Building the Knowledge Economy in Europe

Building the Knowledge Economy in Europe

New Constellations in European Research and Higher Education Governance

New Horizons in European Politics series

Edited by Meng-Hsuan Chou and Åse Gornitzka

Building the Knowledge Economy in Europe investigates the integration of emerging knowledge policy domains on the European political agenda, and the dynamics of this in relation to knowledge policies. Professors Meng-Hsuan Chou and Åse Gornitzka bring together leading experts who address the two central pillars of the ‘Europe of Knowledge’, research and higher education, to reveal the vertical, horizontal and sequential tensions in European knowledge governance

Chapter 6: Dynamics of voluntary coordination: actors and networks in the Bologna Process

Mari Elken and Martina Vukasovic

Subjects: education, education policy, management and universities, innovation and technology, knowledge management, politics and public policy, education policy, european politics and policy, social policy and sociology, education policy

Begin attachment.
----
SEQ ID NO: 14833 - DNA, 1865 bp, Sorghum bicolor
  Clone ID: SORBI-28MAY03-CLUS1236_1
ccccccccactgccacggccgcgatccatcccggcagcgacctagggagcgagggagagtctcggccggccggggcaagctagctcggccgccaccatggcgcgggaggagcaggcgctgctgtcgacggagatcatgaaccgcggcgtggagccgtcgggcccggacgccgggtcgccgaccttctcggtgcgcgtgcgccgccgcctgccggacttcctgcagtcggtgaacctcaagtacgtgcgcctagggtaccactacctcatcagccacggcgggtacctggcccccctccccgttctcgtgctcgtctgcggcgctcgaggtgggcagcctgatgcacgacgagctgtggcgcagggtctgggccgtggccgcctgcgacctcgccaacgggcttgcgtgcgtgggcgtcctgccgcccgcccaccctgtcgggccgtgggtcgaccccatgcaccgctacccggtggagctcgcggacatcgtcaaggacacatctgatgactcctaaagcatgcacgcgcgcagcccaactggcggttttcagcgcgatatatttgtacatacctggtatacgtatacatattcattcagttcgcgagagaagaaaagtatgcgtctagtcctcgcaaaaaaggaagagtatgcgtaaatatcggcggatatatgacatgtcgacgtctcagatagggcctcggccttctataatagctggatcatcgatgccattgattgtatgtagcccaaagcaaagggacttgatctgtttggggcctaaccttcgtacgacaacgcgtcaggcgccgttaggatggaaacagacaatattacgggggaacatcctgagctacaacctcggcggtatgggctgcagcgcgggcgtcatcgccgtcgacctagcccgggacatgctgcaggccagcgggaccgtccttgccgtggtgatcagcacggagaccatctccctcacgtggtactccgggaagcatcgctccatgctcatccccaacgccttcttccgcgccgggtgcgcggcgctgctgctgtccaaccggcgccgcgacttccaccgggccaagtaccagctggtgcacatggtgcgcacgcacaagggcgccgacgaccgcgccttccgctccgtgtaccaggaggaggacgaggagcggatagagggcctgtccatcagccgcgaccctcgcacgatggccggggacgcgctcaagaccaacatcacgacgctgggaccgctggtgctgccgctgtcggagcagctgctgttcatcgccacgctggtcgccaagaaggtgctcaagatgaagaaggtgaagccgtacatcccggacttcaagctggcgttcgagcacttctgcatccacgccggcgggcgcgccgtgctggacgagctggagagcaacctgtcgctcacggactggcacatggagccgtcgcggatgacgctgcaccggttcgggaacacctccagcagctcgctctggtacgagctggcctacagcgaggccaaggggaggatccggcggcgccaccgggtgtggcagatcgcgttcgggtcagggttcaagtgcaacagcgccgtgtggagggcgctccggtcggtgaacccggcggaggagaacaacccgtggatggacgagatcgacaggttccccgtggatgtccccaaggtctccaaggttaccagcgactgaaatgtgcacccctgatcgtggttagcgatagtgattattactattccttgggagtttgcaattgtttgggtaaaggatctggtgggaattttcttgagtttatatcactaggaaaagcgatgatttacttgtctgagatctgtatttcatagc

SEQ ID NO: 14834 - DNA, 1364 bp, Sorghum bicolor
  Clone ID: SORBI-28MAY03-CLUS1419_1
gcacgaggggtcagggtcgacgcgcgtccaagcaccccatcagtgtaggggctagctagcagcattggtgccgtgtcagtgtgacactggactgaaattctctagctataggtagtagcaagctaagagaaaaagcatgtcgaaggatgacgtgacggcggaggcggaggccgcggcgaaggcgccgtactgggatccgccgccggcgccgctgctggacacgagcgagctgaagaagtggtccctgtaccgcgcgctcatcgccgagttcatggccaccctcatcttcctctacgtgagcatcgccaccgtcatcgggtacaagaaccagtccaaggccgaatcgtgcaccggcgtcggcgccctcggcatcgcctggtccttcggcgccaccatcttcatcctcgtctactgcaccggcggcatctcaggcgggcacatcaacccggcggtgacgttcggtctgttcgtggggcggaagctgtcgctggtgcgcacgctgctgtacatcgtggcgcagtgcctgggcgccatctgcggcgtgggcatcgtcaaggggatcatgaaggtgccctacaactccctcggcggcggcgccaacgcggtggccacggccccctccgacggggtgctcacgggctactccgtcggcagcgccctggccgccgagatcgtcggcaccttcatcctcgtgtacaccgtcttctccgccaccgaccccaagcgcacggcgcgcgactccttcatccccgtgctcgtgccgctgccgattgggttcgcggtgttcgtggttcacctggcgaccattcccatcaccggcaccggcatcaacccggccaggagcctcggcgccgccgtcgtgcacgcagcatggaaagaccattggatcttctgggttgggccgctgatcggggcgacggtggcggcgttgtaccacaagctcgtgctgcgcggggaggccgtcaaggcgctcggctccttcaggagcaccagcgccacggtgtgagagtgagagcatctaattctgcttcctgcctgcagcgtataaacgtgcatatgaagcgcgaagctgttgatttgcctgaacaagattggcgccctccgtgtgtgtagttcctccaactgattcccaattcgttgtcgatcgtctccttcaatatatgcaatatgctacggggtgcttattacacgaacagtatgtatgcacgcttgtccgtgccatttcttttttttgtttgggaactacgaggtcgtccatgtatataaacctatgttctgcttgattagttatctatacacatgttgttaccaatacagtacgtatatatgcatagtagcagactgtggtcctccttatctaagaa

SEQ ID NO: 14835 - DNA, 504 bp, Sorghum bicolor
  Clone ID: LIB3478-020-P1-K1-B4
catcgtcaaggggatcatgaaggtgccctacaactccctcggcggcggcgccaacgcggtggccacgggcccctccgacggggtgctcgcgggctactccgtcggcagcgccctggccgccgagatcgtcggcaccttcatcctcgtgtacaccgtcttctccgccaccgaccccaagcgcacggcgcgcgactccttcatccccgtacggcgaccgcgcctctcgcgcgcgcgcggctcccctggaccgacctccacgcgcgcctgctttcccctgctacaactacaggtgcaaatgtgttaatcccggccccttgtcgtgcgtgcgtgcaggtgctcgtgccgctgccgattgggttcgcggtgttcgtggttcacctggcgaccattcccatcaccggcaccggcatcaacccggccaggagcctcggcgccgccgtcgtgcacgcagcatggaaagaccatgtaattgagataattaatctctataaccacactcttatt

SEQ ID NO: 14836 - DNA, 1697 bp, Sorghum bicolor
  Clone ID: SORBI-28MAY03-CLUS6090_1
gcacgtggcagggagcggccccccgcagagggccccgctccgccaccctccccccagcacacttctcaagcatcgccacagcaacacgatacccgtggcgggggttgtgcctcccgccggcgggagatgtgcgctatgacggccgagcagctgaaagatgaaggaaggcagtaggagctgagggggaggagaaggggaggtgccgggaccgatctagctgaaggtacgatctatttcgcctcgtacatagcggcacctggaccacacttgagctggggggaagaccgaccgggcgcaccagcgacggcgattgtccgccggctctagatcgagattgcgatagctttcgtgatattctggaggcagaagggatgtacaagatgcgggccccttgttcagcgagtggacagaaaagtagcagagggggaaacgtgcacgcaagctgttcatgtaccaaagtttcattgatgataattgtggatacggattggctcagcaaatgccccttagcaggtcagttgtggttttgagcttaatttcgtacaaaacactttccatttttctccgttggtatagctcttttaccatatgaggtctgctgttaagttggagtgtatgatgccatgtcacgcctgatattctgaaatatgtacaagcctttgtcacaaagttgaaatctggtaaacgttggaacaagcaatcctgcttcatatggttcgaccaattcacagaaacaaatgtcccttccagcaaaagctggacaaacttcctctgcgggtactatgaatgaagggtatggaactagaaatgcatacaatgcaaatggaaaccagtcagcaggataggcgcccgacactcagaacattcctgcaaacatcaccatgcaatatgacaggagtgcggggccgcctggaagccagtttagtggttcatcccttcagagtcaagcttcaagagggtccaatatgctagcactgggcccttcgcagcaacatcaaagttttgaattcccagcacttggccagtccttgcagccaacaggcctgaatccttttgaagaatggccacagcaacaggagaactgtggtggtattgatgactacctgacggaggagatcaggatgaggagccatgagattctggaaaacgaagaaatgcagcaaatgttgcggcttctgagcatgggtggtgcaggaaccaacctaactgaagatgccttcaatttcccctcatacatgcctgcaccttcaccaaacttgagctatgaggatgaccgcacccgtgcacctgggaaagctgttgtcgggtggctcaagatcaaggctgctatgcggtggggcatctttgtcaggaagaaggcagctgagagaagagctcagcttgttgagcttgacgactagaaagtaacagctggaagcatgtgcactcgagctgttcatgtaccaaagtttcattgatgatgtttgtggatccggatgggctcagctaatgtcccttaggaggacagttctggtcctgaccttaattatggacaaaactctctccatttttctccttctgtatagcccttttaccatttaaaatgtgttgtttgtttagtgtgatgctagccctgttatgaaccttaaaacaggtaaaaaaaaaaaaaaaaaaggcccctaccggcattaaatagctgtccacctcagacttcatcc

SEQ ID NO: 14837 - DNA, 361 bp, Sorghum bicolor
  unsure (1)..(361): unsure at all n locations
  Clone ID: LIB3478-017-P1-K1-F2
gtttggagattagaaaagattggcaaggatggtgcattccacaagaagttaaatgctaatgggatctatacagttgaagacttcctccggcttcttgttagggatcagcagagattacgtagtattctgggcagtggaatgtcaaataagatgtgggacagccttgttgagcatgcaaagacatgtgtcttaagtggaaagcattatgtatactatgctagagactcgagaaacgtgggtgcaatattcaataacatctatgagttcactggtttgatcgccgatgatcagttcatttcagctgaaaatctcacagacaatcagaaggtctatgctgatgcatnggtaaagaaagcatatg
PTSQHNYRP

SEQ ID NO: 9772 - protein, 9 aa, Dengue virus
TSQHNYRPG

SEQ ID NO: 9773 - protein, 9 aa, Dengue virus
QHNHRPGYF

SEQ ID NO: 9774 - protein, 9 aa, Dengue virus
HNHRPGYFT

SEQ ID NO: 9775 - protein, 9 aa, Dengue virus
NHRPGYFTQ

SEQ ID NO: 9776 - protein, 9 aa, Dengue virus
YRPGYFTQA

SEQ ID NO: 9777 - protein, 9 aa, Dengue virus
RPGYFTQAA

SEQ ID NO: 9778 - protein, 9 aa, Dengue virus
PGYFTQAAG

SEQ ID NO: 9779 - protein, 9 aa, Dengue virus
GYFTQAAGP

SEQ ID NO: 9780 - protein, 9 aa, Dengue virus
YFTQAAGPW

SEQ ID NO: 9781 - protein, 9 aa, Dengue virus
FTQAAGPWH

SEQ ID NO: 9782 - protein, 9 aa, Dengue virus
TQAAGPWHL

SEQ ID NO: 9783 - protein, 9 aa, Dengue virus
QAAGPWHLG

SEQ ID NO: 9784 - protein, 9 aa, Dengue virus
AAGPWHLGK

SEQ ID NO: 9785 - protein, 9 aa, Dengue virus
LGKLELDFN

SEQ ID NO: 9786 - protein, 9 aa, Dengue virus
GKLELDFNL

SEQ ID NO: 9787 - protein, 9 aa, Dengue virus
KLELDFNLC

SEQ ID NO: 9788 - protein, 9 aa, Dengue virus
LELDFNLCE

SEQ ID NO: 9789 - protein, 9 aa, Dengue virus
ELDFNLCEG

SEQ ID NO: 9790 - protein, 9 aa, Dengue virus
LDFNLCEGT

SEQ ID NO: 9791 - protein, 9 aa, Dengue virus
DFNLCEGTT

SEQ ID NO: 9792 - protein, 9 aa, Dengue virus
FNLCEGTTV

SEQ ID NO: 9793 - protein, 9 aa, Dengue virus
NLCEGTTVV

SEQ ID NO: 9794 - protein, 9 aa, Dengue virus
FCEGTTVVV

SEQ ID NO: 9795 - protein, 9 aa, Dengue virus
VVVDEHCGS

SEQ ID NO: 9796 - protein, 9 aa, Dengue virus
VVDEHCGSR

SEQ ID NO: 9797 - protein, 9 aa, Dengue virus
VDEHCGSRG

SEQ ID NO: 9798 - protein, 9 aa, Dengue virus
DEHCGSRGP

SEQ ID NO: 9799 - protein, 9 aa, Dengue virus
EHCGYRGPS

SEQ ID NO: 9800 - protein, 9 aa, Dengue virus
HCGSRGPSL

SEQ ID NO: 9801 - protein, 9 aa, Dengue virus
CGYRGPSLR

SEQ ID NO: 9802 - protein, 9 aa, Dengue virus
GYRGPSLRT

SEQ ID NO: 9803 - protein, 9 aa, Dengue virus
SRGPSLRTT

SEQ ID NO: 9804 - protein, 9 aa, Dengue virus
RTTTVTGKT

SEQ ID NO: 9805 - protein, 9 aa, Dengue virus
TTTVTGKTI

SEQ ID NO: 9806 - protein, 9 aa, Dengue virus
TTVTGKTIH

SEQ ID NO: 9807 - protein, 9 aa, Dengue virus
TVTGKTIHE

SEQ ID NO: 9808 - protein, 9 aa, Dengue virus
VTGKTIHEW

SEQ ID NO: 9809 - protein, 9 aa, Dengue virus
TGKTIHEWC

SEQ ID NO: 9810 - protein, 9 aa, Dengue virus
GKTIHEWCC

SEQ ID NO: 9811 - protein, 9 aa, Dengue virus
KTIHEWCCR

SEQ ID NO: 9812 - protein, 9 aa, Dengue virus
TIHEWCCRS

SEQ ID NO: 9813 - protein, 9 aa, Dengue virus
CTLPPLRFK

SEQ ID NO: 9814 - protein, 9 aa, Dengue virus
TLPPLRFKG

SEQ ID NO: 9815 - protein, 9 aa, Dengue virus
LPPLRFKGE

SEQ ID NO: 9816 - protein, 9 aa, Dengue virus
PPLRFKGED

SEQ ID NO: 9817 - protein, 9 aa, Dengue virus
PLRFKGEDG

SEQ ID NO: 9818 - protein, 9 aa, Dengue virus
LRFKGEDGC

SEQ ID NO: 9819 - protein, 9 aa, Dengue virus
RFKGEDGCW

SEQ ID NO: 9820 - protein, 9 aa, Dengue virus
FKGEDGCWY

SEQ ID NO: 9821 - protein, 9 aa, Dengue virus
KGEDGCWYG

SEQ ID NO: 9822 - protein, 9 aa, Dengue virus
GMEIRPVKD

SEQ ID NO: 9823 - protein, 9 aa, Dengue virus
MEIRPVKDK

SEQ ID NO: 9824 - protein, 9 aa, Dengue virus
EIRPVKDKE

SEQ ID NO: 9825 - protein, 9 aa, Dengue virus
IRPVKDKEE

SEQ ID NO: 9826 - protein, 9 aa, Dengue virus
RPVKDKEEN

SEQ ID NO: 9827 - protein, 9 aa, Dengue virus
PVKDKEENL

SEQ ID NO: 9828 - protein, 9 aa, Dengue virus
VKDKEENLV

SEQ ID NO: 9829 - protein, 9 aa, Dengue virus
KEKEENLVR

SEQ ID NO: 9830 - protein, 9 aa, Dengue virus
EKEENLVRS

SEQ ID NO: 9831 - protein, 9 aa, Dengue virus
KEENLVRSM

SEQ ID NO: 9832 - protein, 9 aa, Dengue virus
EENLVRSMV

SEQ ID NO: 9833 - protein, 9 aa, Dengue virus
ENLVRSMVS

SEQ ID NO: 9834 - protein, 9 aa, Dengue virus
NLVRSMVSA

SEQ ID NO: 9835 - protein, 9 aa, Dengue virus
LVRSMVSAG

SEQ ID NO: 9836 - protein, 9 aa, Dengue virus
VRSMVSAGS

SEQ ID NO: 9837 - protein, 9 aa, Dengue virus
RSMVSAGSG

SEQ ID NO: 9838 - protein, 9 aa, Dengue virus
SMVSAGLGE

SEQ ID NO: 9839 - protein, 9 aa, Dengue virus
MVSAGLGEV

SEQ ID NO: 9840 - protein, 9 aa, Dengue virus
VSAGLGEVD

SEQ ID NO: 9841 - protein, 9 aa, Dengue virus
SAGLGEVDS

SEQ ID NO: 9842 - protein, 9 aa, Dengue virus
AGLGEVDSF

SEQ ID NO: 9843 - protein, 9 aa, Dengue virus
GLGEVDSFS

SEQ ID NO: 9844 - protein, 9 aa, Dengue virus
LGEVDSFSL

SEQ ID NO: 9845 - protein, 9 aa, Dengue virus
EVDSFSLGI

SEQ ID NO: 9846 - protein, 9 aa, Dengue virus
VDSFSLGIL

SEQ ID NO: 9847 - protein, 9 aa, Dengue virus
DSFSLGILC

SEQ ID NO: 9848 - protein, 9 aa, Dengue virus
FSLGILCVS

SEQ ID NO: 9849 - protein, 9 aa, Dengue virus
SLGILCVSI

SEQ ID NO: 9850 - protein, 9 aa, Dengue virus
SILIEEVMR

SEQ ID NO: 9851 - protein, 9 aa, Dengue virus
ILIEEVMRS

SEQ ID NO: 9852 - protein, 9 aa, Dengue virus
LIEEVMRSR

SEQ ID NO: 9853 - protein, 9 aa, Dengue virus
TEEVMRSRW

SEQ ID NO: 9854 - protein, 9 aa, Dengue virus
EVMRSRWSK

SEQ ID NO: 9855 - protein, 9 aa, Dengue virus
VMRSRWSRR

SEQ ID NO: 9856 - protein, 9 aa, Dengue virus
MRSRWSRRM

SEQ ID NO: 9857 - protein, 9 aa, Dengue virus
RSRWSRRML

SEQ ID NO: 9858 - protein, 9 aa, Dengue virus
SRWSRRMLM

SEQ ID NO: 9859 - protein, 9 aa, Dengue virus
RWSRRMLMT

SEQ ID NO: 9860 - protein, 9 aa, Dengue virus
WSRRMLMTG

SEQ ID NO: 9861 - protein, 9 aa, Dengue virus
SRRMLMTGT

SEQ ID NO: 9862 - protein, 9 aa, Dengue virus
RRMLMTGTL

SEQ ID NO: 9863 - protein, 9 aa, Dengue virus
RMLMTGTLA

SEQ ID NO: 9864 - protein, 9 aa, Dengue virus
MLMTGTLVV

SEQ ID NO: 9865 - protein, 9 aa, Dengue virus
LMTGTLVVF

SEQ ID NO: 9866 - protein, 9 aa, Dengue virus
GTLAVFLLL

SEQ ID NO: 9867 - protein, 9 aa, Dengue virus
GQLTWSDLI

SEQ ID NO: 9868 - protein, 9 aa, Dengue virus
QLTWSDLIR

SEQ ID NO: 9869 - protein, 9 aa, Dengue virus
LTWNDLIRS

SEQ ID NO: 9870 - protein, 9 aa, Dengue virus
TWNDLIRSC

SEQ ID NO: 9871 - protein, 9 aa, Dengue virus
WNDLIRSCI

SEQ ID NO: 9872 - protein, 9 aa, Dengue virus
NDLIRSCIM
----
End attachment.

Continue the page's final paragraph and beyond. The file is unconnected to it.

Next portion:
The Bologna Process is a Europe-wide initiative of voluntary policy coordination with its main aim to construct what is called the European Higher Education Area (EHEA). Along with the European Research Area (ERA) initiative led by the European Commission, it forms the two main pillars of the Europe of Knowledge (Maassen and Musselin 2009). The Bologna Process has received much scholarly attention thus far, primarily focused on the national impact and implementation processes, in addition to aspects such as the institutionalization of the process and the role of prominent policy entrepreneurs (Corbett 2005, 2011; Haskel 2008; Hoareau 2012; Ravinet 2008b; Veiga and Amaral 2006). It has been characterized by its limited administrative capacity, general lack of legally binding instruments and a formally intergovernmental nature although the European Commission has a prominent role in the process (Corbett 2011). Nevertheless, it has been claimed to be a catalyst for wide reform processes across Europe, and despite its limitations it has led to the emergence of an additional governance layer. Being a case of voluntary policy coordination, the process exhibits similarities with the European Union's (EU) Open Method of Coordination (OMC) approach, with focus on heterarchy, decentredness and dynamic aspects of the process (Hodson and Maher 2001) and has an emphasis on activities forming around targets, benchmarking, and 'naming and shaming'.

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